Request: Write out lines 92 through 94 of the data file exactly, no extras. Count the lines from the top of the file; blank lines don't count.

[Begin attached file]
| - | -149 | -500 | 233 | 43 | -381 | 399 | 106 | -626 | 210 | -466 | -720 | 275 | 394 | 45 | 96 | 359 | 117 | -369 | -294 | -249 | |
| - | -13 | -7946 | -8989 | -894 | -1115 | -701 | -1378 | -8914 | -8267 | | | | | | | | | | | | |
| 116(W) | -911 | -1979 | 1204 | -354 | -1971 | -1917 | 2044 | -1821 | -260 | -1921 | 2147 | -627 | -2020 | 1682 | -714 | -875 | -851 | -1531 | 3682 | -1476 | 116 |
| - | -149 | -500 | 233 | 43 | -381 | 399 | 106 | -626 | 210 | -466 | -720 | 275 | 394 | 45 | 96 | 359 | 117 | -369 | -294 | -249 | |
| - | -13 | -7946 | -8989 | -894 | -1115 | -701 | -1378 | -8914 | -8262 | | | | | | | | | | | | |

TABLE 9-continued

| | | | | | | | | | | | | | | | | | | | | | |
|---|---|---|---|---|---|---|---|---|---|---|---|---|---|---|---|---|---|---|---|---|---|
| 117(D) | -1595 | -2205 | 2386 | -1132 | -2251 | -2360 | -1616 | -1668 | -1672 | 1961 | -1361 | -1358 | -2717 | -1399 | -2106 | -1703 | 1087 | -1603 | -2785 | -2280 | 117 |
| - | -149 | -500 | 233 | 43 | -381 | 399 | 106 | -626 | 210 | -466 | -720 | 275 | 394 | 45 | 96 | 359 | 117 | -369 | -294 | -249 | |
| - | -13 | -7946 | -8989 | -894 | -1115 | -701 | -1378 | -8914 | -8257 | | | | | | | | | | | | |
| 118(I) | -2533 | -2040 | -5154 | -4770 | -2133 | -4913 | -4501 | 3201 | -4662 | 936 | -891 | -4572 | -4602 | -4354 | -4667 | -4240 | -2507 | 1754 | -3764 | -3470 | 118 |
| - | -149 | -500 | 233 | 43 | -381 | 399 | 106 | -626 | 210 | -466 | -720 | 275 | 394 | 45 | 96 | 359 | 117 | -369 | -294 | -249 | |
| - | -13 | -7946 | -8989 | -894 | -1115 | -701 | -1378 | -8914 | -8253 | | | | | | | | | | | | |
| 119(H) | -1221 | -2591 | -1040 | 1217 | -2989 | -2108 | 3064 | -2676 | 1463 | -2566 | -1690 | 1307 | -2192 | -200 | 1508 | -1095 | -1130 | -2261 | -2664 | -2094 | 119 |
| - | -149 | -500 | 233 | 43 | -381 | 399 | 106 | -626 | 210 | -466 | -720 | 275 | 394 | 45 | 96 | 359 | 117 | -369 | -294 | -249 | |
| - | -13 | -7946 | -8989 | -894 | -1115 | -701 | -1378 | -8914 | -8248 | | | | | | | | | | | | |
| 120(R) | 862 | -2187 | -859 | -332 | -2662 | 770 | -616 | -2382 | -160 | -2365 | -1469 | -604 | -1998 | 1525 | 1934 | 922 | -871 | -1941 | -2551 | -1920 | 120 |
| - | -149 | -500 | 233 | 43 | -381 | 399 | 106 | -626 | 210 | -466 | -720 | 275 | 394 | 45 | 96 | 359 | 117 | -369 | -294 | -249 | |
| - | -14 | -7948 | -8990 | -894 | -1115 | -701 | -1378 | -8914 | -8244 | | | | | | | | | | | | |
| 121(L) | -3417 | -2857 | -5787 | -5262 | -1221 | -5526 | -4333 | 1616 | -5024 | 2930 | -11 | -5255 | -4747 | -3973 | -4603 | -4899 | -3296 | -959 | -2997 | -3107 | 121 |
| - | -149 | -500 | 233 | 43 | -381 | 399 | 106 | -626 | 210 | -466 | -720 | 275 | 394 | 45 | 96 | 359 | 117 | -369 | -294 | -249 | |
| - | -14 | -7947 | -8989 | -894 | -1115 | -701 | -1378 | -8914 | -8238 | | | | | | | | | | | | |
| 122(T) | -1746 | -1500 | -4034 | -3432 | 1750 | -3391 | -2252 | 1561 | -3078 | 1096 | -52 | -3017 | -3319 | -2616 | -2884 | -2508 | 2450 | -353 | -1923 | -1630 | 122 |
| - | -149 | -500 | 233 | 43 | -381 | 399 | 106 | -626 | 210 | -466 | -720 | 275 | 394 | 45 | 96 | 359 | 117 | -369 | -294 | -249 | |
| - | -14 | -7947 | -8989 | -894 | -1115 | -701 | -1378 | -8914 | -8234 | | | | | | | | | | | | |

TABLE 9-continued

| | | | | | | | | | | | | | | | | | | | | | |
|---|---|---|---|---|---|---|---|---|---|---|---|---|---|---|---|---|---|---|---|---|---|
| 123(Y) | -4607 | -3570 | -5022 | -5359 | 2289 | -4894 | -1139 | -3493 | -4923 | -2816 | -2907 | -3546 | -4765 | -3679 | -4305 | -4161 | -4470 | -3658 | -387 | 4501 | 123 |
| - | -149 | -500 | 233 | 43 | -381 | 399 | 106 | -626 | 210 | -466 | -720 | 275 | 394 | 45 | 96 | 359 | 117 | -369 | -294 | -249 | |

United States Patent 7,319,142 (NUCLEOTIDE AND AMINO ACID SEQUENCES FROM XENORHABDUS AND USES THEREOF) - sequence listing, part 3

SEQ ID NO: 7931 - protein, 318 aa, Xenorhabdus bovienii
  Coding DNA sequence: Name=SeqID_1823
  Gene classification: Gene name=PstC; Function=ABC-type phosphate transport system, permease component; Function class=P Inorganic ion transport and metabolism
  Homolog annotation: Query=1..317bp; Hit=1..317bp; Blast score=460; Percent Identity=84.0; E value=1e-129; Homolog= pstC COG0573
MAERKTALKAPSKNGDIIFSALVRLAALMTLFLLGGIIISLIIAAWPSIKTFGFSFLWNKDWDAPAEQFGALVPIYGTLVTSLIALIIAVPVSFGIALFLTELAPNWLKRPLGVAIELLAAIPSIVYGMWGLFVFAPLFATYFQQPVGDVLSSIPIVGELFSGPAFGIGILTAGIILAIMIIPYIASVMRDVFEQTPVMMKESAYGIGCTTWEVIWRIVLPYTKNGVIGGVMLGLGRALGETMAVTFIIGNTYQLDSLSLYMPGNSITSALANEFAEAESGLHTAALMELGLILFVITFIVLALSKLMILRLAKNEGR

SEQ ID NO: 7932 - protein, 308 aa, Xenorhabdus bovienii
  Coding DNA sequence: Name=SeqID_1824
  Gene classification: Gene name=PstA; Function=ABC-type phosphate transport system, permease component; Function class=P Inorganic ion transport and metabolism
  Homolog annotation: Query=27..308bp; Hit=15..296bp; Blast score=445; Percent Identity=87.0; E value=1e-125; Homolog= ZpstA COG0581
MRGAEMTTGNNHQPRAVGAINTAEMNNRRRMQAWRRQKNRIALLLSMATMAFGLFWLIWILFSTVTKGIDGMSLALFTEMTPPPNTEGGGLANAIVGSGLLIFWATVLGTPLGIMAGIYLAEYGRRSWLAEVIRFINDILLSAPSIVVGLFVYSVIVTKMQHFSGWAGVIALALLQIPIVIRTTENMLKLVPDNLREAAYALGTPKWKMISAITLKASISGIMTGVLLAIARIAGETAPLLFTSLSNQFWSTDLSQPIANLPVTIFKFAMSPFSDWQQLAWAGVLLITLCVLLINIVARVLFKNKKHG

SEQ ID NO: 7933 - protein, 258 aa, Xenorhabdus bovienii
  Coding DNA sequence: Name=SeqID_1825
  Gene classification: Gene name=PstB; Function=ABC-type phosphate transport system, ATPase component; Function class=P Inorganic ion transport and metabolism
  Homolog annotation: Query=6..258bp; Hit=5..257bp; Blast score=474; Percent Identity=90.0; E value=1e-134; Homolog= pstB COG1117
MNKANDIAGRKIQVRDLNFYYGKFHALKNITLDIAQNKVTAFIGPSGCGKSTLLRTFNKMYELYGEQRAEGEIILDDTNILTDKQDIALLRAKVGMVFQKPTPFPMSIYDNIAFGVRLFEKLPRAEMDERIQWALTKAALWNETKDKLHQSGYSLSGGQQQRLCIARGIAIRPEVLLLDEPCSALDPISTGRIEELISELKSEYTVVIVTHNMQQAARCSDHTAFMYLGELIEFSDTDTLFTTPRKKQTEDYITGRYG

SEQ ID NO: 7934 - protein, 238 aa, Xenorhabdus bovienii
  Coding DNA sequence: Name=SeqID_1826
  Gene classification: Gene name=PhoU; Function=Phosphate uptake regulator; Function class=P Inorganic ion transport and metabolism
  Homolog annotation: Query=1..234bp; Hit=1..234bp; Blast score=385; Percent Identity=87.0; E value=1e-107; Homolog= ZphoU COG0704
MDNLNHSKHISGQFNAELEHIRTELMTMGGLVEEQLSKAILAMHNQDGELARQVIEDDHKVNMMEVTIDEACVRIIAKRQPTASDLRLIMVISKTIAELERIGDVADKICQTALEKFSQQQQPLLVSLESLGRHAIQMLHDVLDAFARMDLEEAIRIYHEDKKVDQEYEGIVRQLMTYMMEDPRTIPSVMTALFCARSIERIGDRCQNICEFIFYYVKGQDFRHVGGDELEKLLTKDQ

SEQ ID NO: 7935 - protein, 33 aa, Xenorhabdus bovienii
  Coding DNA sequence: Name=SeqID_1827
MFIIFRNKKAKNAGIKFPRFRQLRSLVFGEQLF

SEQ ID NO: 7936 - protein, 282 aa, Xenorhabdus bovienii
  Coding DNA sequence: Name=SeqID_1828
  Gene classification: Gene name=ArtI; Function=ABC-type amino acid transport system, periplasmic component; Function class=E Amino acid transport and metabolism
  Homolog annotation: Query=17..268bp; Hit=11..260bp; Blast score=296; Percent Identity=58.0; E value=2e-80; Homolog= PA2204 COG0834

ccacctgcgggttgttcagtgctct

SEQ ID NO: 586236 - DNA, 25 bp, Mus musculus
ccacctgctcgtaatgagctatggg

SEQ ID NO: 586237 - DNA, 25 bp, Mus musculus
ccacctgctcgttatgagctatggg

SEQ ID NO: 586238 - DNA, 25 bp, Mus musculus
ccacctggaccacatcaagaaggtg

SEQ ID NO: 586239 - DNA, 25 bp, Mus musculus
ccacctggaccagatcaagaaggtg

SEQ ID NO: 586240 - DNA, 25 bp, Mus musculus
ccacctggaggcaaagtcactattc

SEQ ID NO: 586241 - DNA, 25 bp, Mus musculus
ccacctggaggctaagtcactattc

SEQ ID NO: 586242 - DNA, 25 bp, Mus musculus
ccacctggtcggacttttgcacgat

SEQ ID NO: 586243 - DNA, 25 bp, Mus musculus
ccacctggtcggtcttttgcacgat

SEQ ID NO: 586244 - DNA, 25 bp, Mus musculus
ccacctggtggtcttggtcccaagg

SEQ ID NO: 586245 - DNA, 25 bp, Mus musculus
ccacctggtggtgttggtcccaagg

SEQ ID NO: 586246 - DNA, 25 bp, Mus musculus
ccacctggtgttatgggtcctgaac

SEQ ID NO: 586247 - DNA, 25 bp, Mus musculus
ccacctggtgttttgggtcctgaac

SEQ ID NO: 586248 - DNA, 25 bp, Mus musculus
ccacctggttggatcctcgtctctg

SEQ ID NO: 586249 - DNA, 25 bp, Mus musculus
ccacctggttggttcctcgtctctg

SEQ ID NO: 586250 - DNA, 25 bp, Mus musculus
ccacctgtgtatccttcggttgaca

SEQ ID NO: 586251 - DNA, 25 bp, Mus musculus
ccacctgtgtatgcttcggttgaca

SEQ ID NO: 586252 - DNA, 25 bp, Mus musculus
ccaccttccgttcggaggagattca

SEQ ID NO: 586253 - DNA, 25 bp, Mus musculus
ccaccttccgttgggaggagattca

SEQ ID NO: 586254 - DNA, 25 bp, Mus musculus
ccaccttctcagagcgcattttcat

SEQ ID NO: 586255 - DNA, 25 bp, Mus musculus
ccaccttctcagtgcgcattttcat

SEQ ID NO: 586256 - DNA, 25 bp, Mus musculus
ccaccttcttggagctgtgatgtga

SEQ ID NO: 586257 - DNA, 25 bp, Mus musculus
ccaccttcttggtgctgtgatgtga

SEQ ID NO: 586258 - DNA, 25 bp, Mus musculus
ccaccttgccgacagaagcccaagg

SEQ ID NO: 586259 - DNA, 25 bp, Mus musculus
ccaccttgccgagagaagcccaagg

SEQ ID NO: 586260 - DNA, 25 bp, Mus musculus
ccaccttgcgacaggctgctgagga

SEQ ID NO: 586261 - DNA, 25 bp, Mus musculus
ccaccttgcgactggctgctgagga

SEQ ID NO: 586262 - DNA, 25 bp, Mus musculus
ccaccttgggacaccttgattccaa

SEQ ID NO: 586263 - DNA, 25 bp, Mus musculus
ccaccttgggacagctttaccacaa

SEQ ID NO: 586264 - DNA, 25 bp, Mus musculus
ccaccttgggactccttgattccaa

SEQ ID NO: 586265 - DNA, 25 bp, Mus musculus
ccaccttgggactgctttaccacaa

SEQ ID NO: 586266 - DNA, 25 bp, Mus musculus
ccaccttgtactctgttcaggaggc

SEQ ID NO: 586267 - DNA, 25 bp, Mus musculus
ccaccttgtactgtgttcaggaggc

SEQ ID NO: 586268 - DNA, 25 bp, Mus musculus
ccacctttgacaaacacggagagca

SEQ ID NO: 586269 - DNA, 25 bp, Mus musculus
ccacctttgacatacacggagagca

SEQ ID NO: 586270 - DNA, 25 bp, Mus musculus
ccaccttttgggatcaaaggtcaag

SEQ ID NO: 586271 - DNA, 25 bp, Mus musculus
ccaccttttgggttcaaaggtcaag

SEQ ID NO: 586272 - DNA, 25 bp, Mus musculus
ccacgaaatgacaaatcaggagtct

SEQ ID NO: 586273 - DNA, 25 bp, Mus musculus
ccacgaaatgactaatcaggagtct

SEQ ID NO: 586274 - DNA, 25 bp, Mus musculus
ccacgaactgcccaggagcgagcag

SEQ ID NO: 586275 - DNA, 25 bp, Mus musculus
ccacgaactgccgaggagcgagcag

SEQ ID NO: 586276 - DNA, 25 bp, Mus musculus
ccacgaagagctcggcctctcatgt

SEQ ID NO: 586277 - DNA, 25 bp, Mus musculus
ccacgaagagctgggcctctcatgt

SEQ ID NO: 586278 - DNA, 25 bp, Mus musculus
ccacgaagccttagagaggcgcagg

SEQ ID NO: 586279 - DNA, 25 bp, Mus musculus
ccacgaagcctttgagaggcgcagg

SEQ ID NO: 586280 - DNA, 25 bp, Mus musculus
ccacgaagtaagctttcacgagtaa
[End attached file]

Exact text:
ccacctgtgtatgcttcggttgaca

SEQ ID NO: 586252 - DNA, 25 bp, Mus musculus
ccaccttccgttcggaggagattca